“I had a group on Facebook called ‘Right Movement.’ It had 1,500 followers,” she added.
The couple had also created a website called “Boycott Fox News,” she said, but changed it to another name, “Right Funds.”
Yet Joni Florea said she was upset in December 2020 when Eduard Florea decided to go to Washington, D.C. on some kind of extremist excursion.
“He came back in a van full of people,” she recalled. “He told me two of them were Proud Boys. He sold them to me as these patriotic people who loved their country.”
And in the days leading up to the Capitol riot that left five people dead, Joni Florea said her husband was active on the account he’d created on the right-wing online platform Parler.
FBI agent Megan Casler, a member of the Joint Terrorism Task Force, quoted some of his statements in court on Jan. 13, saying Eduard Florea called his account “LoneWolfWar.”
On the night of Jan. 5, Casler said Eduard Florea posted a general threat against Washington, D.C. politicians: “I catch one of you f—–s in DC tomorrow … definitely slicing a throat.”
He also allegedly replied to another Parler poster who had cursed one of Georgia’s newest senators, Raphael Warnock, a Black man.
“Dead men can’t pass s–t laws,” Eduard Florea allegedly wrote.
Joni Florea said she made her husband delete a post he made on her Parler account.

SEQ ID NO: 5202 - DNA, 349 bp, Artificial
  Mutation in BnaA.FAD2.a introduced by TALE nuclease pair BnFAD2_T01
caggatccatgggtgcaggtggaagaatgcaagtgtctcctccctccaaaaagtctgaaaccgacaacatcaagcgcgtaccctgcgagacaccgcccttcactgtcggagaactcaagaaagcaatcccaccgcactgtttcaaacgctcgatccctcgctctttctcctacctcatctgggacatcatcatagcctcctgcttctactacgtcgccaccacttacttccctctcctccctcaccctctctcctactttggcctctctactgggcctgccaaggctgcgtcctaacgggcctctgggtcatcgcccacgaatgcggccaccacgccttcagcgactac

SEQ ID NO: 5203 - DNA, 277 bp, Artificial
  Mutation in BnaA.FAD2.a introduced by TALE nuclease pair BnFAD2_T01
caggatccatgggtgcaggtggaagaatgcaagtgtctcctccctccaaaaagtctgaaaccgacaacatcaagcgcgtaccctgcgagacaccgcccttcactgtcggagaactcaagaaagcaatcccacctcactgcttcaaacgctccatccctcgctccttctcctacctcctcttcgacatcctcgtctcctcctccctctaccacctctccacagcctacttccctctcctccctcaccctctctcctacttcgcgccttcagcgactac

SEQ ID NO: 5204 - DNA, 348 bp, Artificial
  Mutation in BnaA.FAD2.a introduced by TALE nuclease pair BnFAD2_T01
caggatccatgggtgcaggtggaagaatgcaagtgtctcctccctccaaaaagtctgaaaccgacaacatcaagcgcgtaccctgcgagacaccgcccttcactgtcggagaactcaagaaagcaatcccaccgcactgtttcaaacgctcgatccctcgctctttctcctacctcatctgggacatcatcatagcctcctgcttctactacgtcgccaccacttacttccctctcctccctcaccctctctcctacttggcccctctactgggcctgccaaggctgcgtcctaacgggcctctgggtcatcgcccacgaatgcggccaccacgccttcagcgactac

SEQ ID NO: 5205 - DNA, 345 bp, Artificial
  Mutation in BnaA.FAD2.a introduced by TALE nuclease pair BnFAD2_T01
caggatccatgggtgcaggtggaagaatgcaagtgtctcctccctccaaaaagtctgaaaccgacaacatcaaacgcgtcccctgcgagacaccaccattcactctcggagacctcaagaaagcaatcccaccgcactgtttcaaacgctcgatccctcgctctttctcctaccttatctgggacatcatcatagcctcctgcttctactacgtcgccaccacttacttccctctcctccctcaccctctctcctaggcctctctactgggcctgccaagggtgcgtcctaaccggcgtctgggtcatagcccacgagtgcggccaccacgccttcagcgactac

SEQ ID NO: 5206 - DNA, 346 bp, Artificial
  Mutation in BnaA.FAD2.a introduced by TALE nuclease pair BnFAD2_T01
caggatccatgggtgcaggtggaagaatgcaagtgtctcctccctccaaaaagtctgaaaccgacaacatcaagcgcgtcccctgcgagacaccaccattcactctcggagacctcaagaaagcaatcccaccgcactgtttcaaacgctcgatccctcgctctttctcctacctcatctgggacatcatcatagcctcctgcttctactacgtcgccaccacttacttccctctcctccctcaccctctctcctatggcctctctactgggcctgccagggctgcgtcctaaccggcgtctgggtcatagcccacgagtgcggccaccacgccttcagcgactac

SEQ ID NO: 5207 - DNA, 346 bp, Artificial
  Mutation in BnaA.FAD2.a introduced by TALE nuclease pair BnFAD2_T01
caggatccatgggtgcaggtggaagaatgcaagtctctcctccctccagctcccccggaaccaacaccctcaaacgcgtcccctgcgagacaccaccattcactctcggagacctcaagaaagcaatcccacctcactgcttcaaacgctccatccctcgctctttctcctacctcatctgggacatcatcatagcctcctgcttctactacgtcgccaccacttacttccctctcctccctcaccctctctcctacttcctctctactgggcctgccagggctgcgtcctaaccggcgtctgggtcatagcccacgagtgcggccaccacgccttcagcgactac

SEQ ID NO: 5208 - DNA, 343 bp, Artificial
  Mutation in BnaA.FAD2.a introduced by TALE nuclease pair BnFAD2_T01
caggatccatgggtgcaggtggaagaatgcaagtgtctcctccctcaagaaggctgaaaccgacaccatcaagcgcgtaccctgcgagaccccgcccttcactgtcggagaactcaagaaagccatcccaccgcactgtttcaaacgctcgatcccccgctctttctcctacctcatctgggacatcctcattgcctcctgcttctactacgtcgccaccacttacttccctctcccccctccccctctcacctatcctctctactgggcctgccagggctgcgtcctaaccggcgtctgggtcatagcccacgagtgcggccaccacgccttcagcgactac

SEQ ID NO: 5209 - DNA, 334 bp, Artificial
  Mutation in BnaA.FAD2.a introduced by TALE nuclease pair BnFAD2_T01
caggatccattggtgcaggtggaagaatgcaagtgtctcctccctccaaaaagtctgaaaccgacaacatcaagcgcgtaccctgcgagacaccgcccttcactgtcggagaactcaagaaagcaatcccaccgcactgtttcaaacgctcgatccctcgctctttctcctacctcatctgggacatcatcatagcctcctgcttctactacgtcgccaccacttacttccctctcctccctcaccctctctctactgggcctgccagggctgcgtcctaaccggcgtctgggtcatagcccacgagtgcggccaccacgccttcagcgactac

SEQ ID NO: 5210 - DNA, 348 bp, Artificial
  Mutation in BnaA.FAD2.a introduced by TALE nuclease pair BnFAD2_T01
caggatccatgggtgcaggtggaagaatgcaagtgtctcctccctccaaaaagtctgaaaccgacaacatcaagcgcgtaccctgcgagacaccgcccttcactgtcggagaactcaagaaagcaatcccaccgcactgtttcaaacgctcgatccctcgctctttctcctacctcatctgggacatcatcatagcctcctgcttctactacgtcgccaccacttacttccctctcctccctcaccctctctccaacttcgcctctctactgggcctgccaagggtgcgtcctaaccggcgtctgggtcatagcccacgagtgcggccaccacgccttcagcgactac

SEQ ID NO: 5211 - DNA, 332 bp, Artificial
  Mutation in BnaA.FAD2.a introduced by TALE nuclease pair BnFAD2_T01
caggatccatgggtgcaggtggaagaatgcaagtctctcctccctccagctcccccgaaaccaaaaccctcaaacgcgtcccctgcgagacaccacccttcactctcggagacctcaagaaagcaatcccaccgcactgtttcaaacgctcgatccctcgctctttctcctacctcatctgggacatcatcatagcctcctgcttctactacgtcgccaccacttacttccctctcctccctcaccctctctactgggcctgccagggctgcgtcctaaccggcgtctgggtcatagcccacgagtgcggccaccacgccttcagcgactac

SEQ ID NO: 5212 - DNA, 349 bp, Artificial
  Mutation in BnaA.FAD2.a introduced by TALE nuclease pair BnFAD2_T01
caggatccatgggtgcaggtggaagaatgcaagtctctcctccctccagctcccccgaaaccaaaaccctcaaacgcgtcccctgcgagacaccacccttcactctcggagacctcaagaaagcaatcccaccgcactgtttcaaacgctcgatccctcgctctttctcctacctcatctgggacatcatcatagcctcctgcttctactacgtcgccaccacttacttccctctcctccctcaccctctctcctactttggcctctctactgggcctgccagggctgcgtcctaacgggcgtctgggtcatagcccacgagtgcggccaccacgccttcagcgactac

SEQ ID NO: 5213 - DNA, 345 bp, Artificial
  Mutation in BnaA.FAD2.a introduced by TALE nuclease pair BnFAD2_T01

“My husband was convinced he was going to have to go out and fight a civil war,” Joni Florea said.
Yet on Jan. 6, Eduard Florea did not make the trip to Washington, D.C., “because the ride never came,” his wife said.
After watching the deadly Capitol riot on TV, Joni Florea said she was horrified.
The couple started fighting again about what message would be included on their conservative website, and there was a showdown on the Saturday before Eduard Florea’s arrest.
“I told him I would never put Proud Boys on this site,” Joni Florea claimed.
The wife cried as she recalled her 8-year-old daughter walking in while her husband allegedly held a knife over her in the first-floor bedroom.
“My daughter opened the door and she saw it,” Joni Florea said. “She was shaking in her shoes … She said, ‘Daddy, it’s love–not violence.'”
Joni Florea told PIX11 that 20 minutes before the FBI showed up on Jan. 12, she was making a video with her family denouncing Trump’s rally that preceded the Capitol riot. She said her children were in the video and she tried to encourage her husband to take part.
“I made a video telling everyone to hang up their Trump shirts,” Joni Florea said, claiming the footage is now in the possession of the FBI.
When Eduard Florea was questioned by federal investigators, agents said he made a statement of support for the Proud Boys.
He remains in jail with no bail.
“He’s a horrible monster, and I feel free but petrified,” Joni Florea said.
Domestic and family health violence is estimated to affect 10 million people in the United States every year. Anyone looking for resources can reach out for help at the websites and phone numbers listed here. In an emergency, victims of domestic violence should call 911 or contact state or local law enforcement officials.